Long Products Committee of AISI Leads Effort To Help Automakers Make Better Steel Components At Lower Cost and Reduced Emission Of Greenhouse Gases

Detroit, MI, June 2, 2004 – American Iron and Steel Institute (AISI) teamed up with the automotive industry and the Department of Energy to improve the quality of automotive steel components while reducing the cost of their manufacture. The collaborative project, which leads to the availability of ASTM Standard Practice A1033-04, makes possible the use of simulation models in automotive design that can accurately predict stress, distortion, and microstructure evolution in components that undergo some form of thermal treatment in their manufacture. This ranges from the basic steelmaking practices to heat treating of finished parts to forging.

A key goal in establishing the ASTM standard, internationally-accepted practice was to provide end-users the steel phase transformation data in an appropriate format so as to maximize and accelerate their utility in state-of-the-art material and process modeling computer simulation software. In fact, the practice is considered as an enabler to the achievement of significant energy savings through economy of process steps and improved efficiency and utilization of process heating equipment in production lines across the entire steel value chain.

According to David Anderson, director, AISI, Long Products Programs, “We estimate the annual monetary benefit to be $9.1 million based on the elimination of the heat treating step for just 10 percent of the total long products steel produced in the U.S., or about seven million tons.

“We estimate savings in natural gas at 0.33 billion cubic feet, along with reduced CO, CO2, SO2, NOx and other greenhouse gas emissions, “ said Anderson. “We will see reductions in material rejection, and a replacement of annealed products with hot-rolled products; and there will be minimization of scale formation and decarburization.

“The Quantitative Measurement of Steel Phase Transformation (QMST) project is truly a collaborative effort, not just a steel industry program. The QMST Consortium comprises 21 companies and organizations, representing steel makers, auto makers, suppliers to automotive, academia, and the Department of Energy, which funded the national and private laboratories and the Colorado School of Mines. All members actively participated in the research,” said Anderson. “This is the latest in a series of joint Government and Industry cooperative efforts.”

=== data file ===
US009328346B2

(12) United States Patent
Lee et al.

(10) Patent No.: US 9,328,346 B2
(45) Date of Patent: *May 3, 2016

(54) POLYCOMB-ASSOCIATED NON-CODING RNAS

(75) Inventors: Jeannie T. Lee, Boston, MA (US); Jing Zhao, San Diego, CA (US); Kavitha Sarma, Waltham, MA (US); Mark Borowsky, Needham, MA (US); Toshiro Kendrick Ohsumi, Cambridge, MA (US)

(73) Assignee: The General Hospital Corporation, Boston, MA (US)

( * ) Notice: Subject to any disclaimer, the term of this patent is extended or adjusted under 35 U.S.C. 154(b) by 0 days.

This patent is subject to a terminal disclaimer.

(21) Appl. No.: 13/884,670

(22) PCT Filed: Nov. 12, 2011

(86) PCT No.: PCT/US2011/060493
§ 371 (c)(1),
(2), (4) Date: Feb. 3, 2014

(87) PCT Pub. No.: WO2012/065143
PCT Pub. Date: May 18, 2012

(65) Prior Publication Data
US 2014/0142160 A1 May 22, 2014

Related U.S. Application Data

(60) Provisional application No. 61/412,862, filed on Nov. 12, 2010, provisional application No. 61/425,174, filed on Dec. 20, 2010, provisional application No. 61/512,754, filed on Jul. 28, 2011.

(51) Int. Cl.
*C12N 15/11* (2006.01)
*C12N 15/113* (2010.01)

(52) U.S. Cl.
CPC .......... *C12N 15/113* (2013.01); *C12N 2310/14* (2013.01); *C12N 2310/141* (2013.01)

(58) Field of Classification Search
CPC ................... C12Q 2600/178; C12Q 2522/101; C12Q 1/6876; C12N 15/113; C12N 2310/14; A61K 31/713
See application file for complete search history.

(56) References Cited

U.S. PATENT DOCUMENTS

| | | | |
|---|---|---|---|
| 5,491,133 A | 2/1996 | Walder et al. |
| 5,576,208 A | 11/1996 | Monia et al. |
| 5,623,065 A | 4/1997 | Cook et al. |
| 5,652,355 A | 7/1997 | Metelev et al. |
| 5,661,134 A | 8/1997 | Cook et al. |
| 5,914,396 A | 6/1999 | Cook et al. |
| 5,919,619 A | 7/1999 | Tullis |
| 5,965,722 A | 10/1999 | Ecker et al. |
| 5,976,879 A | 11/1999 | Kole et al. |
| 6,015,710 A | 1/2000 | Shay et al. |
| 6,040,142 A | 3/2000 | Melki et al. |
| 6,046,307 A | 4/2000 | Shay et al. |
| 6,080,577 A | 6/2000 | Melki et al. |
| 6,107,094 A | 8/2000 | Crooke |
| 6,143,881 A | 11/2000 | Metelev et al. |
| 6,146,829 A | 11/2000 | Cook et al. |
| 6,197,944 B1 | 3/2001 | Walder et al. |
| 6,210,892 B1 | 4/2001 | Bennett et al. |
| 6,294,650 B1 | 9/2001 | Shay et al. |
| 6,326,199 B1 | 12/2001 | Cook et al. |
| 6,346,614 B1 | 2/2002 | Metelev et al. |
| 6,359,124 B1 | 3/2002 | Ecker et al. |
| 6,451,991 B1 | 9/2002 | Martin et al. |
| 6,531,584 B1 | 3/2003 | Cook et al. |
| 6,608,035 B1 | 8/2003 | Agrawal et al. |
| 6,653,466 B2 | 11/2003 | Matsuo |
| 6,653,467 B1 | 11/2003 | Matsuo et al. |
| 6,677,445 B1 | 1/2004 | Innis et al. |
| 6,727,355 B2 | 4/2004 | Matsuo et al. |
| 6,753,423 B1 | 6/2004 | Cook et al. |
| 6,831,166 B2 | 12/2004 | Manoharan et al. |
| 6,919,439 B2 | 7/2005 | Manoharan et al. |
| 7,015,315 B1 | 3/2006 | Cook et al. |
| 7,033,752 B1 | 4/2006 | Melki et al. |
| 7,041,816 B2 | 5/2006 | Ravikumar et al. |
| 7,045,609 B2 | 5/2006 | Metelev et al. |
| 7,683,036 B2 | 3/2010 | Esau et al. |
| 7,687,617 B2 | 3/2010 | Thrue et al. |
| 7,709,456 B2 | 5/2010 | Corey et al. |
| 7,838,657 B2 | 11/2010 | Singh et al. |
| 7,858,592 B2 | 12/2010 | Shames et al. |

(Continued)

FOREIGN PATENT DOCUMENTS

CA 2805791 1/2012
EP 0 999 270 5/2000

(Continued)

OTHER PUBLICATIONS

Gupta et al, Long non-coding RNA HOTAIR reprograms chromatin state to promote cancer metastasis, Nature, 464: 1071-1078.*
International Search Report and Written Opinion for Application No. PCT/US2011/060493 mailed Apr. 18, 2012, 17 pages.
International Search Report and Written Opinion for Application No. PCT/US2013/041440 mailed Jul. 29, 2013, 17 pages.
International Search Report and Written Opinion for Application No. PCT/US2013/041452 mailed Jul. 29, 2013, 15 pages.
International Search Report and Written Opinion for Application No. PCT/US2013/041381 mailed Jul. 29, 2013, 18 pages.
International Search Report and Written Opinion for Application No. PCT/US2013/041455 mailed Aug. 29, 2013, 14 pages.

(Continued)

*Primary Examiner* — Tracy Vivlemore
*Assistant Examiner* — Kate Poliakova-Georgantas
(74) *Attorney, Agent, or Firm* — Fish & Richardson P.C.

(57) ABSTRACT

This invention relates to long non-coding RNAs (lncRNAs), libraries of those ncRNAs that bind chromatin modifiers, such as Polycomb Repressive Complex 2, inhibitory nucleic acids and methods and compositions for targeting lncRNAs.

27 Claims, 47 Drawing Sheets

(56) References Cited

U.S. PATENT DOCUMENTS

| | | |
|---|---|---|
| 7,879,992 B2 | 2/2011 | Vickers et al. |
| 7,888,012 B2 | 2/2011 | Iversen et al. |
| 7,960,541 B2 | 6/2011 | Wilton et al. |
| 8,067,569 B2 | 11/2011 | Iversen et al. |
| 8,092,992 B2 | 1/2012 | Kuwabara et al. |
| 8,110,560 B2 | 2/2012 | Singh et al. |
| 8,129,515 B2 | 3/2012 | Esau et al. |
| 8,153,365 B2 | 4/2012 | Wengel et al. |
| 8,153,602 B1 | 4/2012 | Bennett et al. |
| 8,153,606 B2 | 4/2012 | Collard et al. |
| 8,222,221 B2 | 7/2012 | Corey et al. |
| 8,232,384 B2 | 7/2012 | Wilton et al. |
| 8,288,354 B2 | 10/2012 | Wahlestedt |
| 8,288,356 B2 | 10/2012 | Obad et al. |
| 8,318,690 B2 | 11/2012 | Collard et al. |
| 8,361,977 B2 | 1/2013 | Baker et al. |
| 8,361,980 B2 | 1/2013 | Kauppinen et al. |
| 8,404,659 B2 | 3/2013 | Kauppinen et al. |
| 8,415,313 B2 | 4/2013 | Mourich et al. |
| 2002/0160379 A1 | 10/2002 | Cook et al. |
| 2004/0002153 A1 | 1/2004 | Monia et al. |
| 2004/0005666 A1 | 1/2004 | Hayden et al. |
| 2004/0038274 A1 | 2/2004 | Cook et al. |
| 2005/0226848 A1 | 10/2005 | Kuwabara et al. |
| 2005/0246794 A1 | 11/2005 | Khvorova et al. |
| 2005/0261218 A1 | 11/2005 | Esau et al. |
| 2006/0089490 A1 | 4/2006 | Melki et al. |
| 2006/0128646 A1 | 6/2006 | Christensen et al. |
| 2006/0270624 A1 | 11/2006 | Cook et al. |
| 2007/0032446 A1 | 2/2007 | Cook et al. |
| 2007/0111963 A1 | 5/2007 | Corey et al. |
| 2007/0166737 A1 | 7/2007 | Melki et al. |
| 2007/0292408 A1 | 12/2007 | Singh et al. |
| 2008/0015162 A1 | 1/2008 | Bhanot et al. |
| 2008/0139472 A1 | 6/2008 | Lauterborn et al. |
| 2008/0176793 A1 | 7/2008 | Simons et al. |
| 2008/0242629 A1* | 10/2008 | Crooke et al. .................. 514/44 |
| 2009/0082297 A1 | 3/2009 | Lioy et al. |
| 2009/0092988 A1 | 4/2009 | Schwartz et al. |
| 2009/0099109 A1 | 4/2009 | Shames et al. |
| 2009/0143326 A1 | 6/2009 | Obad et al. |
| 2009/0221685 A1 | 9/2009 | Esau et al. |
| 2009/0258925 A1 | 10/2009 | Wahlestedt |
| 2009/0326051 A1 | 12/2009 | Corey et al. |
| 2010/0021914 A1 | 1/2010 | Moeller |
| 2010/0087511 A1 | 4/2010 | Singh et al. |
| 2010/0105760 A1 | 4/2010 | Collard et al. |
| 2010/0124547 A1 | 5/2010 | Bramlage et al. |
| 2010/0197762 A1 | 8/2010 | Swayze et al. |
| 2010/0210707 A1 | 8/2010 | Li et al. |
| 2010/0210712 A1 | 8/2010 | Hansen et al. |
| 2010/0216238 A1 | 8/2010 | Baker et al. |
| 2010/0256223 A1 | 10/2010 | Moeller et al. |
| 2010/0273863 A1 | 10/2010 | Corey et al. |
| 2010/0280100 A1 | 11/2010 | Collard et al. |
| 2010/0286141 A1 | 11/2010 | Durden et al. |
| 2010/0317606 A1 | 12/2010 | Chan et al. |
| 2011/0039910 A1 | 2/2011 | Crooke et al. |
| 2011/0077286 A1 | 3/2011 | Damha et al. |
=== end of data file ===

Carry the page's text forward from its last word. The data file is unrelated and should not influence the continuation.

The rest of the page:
Collaborative QMST Consortium
Members of the QMST consortium are as follows:
American Axle & Manufacturing, Inc.
American Iron and Steel Institute
Caterpillar, Inc.
Colorado School of Mines
Deformation Control Technology, Inc.
DaimlerChrysler Corporation
Deere & Company
Dynamic Systems, Inc.
Ford Motor Company
GKN Automotive, Incorporated
Ispat Inland, Inc.
North Star Steel Company
Oak Ridge National Laboratory
Sandia National Laboratories
Technologies Research Corporation
The Timken Company
The Torrington Company
Thyssen Krupp Stahl

Work on the QMST project was performed by the following organizations:

Technologies Research Corporation (TRC), a subsidiary of National Center for Manufacturing Sciences (NCMS)

Colorado School of Mines (CSM)

Oak Ridge National Laboratory (ORNL)

Sandia National Laboratory (SNL)

National Institute of Standards and Technology (NIST) provides guidance on the development of the QMST standard and information on reference materials.

The American Iron and Steel Institute is a non-profit association of North American companies engaged in the iron and steel industry. The Institute comprises 31 member companies, including integrated and electric furnace steelmakers, and 118 associate and affiliate members who are suppliers to or customers of the steel industry. For more news about steel and its applications, view the American Iron and Steel Institute's website at www.steel.org.

Under the auspices of the American Iron and Steel Institute, the Bar and Rod Market Development Group strives to grow the market for value-added steel long products products. With five member companies, the group pursues this goal through two task forces committed to developing innovative solutions to the challenges facing their clients and the steel industry. These task forces are Automotive/Heavy Equipment and Construction/Infrastructure.

Long Products Market Development Group Member Companies:

Chaparral Steel
Ispat Inland Bar Company
Nucor Corporation
The Timken Company